Permanent Value

Weekly Update: June 28- July 2, 2010

Michael La Salle
July 2nd, 2010

Stocks Lower; Economic News Disappoints

Stocks continued to slide this week as disappointing economic news continues.  The S&P 500 lost 5.30% as the Dow Jones Industrial Average fell 4.51% on the week, ending the worst week since early May.

In economic news, the S&P Case-Shiller Home Price Index reported a burst of strength for home prices in April as the unadjusted index broke a long series of declines with a 0.7% gain.  The news coming from the Conference Board’s consumer confidence report was not as upbeat.  The June level came in at 52.9, much lower than the expected level of 63.3.  The biggest news of the week came on Friday as the June employment numbers disappointed.  Although private payrolls increased, the 83,000 jobs added in June came in well below the expected gain of 105,000 jobs.

In earnings news, the slow week was highlighted by disappointing earnings coming from Barnes & Noble, Inc. as the U.S. bookseller reported earnings of -89 cents per share, 9.88% lower than expected earnings of -81 cents per share.  Monsanto, on the other hand, beat analysts’ expectations as the agricultural chemical company posted earnings of 81 cents per share, beating estimates of 80 cents per share.

What opportunities are ahead?

Over the past quarter there has been a lot of uncertainty in the economies around the world.  From the European debt problems that seemingly will never go away, to the recent disappointing employment situation domestically, we have seen the stock markets teeter-totter recently.  Even with the increased volatility in the markets, some investors have found a safe haven in gold.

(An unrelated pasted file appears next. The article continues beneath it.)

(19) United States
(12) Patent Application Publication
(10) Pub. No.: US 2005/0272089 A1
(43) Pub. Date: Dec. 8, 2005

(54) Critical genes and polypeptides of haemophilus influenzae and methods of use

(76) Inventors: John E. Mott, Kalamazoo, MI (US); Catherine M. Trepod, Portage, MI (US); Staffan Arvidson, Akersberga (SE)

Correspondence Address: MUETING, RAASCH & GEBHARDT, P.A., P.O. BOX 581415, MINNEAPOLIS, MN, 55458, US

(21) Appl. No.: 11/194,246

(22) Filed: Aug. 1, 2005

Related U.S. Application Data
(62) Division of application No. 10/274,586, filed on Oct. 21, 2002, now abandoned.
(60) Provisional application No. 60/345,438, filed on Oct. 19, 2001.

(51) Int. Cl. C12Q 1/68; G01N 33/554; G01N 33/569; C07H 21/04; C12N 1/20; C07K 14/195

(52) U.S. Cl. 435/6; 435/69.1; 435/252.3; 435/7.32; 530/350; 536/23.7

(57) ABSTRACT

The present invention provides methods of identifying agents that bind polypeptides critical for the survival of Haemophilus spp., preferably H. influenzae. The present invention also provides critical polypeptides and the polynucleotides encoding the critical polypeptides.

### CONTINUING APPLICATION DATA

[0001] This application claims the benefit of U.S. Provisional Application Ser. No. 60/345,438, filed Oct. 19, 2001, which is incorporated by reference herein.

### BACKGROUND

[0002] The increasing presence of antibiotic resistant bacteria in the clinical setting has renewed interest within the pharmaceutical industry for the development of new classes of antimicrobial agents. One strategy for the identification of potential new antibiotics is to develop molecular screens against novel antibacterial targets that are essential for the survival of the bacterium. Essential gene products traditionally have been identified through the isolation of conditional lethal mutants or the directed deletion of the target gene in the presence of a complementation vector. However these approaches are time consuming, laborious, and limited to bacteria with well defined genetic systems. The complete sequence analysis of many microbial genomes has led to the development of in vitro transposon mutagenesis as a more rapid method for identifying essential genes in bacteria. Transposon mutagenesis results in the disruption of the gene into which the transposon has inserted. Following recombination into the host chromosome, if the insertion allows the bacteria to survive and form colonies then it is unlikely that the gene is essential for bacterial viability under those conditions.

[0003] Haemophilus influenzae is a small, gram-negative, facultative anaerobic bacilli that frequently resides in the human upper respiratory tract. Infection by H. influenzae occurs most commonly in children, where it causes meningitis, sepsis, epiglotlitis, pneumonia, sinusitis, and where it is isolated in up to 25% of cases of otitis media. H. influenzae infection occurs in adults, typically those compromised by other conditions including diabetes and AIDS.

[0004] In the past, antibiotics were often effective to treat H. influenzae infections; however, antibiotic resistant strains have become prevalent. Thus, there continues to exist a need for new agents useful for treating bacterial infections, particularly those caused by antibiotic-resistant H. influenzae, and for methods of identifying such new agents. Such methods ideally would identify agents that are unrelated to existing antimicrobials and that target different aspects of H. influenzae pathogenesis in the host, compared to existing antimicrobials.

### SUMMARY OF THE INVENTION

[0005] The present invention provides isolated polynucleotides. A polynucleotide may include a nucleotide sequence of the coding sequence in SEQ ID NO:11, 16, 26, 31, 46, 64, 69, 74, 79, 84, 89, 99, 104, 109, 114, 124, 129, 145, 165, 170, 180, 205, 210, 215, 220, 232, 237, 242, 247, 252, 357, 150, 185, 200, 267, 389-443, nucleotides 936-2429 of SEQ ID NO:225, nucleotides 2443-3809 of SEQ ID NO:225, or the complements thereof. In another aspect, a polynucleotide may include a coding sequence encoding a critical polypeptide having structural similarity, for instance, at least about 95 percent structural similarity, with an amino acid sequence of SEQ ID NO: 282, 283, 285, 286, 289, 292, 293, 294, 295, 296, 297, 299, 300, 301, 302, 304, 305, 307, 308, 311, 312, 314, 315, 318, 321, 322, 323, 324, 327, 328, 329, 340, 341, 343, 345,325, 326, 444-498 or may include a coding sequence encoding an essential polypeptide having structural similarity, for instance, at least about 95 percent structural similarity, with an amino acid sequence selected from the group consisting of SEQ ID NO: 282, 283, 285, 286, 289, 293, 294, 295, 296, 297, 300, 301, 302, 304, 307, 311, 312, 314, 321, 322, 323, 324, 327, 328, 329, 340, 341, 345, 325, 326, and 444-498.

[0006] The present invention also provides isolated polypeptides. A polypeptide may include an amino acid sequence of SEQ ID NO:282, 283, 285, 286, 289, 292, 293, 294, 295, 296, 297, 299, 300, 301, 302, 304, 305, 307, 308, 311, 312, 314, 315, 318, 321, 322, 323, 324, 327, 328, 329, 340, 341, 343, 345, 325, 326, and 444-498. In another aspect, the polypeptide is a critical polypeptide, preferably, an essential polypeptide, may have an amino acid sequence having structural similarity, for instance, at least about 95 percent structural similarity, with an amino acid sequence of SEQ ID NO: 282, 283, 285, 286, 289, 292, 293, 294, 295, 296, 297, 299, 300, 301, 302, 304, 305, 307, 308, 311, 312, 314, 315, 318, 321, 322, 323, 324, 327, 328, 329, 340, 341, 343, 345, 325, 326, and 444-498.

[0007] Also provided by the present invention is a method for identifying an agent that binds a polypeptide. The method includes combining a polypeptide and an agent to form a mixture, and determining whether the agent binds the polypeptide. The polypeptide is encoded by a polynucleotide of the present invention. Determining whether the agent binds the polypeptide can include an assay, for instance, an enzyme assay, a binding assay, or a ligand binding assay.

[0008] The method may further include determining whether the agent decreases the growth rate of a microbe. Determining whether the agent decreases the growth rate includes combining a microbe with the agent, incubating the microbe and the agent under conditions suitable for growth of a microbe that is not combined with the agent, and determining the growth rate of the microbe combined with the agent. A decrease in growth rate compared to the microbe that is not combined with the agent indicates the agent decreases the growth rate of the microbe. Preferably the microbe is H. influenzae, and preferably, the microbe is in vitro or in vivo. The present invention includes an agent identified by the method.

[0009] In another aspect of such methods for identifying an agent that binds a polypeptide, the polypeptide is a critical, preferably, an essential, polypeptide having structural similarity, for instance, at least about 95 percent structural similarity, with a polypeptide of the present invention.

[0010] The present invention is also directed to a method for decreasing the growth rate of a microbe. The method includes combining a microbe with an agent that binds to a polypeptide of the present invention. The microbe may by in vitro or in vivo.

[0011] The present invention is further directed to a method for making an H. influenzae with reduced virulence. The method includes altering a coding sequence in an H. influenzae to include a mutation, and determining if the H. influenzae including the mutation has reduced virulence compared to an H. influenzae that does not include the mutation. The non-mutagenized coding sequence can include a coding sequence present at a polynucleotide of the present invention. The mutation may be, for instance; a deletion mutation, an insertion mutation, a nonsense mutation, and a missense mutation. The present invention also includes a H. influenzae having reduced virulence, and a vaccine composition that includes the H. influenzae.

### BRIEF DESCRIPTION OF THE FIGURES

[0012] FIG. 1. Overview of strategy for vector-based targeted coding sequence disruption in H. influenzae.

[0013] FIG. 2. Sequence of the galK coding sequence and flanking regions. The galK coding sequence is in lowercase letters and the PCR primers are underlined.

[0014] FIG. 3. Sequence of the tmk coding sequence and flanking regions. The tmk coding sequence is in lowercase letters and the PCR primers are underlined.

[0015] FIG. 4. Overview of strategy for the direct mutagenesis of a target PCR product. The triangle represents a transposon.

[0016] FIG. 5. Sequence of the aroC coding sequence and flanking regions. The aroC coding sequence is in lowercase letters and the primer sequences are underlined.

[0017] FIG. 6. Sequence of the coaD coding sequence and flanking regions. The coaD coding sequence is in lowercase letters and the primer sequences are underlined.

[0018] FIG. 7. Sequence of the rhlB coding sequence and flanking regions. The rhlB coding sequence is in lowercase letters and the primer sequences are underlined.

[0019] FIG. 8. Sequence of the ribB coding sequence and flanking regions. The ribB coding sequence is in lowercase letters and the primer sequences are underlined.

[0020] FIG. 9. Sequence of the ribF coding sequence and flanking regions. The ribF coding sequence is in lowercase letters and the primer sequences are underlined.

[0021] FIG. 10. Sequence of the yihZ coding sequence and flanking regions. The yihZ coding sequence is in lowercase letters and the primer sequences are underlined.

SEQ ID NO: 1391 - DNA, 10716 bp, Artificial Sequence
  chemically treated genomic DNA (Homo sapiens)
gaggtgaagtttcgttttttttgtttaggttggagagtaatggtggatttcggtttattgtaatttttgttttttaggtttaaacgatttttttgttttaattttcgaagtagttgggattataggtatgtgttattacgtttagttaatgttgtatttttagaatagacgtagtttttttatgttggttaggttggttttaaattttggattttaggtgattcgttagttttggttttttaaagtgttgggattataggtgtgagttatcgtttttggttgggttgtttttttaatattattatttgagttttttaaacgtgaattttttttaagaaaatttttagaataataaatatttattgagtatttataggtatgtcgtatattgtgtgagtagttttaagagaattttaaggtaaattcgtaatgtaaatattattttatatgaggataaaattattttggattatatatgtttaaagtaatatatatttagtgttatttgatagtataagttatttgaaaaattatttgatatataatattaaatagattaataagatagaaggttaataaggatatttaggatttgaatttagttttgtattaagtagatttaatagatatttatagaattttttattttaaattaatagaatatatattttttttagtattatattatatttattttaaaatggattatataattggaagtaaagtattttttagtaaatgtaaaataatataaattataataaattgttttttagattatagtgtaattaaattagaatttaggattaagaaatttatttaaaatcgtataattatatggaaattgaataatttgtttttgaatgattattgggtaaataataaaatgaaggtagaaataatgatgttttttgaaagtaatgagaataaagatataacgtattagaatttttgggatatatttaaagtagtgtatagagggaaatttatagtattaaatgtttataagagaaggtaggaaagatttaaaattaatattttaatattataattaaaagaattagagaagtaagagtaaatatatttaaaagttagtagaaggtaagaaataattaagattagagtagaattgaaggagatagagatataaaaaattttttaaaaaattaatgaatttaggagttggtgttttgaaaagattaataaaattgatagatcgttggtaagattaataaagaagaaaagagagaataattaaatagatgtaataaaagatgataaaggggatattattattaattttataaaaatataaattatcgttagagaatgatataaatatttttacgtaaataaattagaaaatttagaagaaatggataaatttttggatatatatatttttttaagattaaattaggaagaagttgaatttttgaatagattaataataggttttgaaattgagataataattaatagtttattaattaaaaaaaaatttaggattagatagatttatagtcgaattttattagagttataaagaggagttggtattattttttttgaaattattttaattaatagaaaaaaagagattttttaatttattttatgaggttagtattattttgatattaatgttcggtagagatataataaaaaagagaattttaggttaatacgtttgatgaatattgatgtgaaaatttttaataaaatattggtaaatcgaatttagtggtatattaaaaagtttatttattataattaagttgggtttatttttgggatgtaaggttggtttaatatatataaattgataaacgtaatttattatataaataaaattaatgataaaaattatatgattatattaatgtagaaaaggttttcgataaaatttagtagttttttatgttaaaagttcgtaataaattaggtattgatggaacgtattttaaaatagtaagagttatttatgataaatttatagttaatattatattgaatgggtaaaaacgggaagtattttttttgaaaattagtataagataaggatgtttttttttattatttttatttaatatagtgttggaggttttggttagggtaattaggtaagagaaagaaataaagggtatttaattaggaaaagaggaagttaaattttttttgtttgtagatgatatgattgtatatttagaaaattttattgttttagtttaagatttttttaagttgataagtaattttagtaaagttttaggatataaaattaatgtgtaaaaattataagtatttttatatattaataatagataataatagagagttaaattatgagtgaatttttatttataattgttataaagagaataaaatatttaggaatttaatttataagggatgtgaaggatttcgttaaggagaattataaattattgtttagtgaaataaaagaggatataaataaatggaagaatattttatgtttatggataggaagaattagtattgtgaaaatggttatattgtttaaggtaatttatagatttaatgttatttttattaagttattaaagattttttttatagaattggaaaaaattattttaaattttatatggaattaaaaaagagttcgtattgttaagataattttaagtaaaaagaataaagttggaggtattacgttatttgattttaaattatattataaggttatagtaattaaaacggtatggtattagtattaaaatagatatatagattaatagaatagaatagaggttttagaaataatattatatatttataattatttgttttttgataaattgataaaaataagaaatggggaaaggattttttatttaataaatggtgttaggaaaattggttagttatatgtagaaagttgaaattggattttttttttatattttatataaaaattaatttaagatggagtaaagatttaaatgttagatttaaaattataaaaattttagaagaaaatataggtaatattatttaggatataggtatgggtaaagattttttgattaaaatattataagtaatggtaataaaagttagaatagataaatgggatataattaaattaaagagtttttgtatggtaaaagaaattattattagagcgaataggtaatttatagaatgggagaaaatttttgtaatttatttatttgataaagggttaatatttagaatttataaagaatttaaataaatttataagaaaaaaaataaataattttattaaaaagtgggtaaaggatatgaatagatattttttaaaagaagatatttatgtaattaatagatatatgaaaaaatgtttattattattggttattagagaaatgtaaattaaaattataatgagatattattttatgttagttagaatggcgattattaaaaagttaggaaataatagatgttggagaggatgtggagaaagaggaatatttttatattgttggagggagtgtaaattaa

With few industrial uses for gold, it is often hard to justify the actual price of it.   The value of gold, as with all other investments, comes from the price that investors are willing to pay for it.   With the current environment in the economies in the world, particularly in Europe, gold is an asset class that investors have been flocking to of late. 

Gold tends to be less volatile due to the fact that it carries no credit risk and little liquidity risk.  Gold is no one’s liability, thus there is no risk that a company will go out of business, like equity, or not be able to pay a coupon, like a bond.  With a wide range of buyers around the world, including governments, financial institutions, jewelers, and individual investors, the liquidity risk of gold is extremely low.

As the price of stocks and other investments continue to seesaw, investors worldwide will continue to move to less volatile assets, providing the value of gold the potential of even more growth in 2010 and into the future.

Market Returns

  This Week Year to Date Last Year Last 5 Years
S&P 500 -5.03% -8.30% 14.07% -14.39%
Dow Jones Industrial Average -4.51% -7.11% 16.98% -5.99%


Next Week’s Economic Releases

July 8 – Jobless Claims